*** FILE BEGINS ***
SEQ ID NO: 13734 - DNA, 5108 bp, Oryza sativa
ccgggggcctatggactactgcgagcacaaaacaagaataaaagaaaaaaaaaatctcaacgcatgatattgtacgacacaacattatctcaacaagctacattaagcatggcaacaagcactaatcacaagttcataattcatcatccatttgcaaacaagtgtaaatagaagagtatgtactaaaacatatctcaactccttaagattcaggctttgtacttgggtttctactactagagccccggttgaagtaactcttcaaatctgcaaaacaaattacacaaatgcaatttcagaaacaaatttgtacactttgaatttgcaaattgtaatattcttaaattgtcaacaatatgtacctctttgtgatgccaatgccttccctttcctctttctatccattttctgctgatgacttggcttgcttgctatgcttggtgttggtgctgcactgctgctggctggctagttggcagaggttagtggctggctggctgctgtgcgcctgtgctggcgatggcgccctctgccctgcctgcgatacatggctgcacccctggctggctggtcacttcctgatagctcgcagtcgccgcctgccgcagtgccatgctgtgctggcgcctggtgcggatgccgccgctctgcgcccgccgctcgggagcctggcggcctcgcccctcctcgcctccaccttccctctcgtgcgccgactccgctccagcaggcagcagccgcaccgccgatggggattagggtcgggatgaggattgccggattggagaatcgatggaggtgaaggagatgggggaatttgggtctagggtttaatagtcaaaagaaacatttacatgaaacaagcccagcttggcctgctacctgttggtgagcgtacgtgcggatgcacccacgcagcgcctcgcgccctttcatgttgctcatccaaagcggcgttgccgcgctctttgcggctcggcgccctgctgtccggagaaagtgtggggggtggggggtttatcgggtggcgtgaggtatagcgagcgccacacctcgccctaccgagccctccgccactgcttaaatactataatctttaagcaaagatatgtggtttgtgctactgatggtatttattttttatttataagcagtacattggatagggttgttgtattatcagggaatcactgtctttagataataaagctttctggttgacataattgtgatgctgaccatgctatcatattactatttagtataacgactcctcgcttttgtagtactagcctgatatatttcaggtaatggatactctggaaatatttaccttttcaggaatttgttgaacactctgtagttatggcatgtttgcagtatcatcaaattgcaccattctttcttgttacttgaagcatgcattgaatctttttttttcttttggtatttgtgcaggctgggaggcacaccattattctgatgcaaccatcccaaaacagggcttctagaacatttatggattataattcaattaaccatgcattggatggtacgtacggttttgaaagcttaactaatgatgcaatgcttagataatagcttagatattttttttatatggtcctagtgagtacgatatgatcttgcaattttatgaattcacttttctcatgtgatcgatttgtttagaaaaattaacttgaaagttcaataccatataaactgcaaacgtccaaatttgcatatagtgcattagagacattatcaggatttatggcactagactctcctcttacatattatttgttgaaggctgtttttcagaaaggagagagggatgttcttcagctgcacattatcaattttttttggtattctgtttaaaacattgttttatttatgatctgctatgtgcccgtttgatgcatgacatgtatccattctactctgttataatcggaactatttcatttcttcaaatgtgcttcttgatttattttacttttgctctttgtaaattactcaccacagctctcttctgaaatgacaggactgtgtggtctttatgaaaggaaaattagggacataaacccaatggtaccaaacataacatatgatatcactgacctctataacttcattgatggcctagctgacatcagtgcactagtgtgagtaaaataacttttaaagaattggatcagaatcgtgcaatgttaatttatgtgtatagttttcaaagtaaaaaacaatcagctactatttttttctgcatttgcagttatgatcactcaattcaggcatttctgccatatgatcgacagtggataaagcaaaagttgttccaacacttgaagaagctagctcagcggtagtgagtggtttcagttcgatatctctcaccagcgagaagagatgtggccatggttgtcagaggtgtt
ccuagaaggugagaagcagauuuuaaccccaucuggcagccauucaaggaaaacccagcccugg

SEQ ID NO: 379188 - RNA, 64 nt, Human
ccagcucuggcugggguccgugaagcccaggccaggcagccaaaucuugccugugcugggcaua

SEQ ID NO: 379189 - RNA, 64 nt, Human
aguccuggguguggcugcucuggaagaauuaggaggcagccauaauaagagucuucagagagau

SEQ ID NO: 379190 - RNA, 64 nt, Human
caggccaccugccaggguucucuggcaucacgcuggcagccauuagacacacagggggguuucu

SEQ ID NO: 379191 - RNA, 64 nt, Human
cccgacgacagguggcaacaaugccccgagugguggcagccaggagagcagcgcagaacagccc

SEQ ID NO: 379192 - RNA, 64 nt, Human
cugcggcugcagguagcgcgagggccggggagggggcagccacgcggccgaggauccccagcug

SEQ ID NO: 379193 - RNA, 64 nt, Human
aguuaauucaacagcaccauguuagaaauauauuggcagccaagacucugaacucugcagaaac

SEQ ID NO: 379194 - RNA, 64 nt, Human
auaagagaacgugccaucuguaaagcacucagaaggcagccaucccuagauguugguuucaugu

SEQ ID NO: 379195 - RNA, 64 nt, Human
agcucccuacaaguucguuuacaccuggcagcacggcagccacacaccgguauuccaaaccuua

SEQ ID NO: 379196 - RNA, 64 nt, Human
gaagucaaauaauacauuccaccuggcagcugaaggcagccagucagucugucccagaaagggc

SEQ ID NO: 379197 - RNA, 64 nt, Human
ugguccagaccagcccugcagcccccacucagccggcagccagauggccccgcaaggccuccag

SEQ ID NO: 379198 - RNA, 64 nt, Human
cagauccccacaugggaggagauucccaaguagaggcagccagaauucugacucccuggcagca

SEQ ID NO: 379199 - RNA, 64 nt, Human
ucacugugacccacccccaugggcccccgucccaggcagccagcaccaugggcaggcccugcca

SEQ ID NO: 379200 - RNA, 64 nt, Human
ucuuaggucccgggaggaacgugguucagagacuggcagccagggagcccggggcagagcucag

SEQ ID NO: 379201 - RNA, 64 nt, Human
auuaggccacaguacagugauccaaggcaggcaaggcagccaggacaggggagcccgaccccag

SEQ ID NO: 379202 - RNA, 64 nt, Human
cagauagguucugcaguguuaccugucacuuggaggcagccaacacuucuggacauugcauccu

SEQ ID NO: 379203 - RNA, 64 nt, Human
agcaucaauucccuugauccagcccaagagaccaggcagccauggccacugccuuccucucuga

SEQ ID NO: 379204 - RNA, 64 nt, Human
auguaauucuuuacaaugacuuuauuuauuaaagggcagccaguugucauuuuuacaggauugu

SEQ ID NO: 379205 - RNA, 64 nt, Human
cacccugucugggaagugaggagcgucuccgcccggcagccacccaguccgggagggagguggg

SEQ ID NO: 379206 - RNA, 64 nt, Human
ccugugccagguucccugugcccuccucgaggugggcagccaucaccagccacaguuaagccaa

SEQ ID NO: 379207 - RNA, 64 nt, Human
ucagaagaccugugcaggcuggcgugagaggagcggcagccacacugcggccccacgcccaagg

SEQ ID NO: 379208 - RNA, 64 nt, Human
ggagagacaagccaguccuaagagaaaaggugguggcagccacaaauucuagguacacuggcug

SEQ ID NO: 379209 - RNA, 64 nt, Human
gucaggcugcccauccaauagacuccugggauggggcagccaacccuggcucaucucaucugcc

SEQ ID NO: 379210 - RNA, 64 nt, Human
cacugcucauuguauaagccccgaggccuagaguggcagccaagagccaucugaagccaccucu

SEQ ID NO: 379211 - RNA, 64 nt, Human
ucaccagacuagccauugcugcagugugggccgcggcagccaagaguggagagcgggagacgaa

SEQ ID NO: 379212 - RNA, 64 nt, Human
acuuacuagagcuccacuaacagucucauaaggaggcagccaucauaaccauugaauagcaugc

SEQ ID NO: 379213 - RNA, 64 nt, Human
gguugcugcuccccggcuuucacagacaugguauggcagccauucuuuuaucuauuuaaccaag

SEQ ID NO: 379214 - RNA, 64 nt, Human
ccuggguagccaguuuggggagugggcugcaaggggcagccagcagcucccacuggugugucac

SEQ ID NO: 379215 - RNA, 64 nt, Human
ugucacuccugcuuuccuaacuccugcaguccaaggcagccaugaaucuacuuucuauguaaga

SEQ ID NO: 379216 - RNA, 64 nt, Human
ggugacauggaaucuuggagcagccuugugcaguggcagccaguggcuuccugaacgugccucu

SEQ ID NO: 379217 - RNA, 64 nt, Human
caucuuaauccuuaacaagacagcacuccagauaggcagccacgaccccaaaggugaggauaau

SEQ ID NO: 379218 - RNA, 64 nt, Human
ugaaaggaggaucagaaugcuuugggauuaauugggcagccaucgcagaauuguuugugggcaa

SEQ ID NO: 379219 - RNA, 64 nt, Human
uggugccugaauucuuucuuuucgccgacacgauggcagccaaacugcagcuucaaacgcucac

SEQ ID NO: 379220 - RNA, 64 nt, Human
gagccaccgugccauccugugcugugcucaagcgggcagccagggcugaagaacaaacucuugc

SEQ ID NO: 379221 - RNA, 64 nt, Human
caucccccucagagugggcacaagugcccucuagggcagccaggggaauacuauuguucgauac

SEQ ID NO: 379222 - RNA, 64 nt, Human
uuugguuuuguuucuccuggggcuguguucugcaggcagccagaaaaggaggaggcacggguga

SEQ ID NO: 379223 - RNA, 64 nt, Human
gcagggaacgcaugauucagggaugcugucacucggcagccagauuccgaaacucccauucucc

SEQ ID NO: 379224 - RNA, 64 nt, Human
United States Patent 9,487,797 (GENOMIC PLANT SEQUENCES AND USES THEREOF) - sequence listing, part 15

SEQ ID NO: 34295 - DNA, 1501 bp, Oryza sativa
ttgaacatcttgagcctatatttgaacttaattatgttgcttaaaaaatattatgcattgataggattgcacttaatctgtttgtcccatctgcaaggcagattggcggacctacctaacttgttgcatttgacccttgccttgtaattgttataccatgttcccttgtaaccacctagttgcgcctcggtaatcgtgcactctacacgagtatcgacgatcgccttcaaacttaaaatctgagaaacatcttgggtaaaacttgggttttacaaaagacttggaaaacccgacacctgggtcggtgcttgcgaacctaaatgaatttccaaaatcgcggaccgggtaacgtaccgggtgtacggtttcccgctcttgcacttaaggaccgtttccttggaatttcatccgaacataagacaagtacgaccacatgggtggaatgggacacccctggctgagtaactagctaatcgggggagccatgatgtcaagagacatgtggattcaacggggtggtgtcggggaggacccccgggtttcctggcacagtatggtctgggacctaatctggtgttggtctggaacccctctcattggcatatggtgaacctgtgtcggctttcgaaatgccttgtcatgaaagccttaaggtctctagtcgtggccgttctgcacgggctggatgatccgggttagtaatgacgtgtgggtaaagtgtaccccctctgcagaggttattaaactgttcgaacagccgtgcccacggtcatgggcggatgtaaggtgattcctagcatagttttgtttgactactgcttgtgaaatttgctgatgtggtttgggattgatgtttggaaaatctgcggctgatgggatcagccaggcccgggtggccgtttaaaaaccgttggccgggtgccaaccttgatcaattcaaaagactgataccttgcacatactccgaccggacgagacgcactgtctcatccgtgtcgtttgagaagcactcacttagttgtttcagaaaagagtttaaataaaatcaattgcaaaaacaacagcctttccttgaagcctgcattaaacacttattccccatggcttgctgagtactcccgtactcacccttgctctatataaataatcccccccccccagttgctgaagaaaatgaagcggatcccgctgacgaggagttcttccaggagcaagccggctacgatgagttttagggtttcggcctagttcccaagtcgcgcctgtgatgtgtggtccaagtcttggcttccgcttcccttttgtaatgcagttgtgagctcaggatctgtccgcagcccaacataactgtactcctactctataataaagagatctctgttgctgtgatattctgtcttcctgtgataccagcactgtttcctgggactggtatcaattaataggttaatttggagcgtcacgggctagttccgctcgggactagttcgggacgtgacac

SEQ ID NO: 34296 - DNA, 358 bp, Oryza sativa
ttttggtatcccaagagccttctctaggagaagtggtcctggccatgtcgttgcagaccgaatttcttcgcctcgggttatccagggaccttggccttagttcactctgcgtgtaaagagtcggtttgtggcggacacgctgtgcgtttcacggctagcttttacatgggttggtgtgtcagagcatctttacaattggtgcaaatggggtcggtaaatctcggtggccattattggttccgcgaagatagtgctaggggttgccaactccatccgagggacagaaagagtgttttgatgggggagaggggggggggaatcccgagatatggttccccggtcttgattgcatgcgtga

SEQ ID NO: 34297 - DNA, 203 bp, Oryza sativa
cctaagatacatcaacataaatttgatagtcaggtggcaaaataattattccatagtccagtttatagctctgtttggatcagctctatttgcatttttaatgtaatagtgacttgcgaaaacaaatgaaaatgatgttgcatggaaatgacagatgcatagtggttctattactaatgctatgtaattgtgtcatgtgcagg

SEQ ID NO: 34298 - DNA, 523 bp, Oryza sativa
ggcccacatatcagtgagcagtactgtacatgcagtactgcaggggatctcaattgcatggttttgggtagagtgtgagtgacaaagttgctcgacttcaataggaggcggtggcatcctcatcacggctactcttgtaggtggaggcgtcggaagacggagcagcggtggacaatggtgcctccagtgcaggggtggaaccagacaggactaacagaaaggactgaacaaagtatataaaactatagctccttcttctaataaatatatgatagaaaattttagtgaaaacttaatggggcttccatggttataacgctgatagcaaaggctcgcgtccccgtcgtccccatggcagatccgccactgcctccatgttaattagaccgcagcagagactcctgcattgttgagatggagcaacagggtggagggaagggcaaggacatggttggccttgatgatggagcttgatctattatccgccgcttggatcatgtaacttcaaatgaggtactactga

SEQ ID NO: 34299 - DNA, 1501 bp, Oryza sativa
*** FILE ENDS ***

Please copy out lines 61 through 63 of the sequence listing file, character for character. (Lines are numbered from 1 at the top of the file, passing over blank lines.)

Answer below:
ggugacauggaaucuuggagcagccuugugcaguggcagccaguggcuuccugaacgugccucu

SEQ ID NO: 379217 - RNA, 64 nt, Human
caucuuaauccuuaacaagacagcacuccagauaggcagccacgaccccaaaggugaggauaau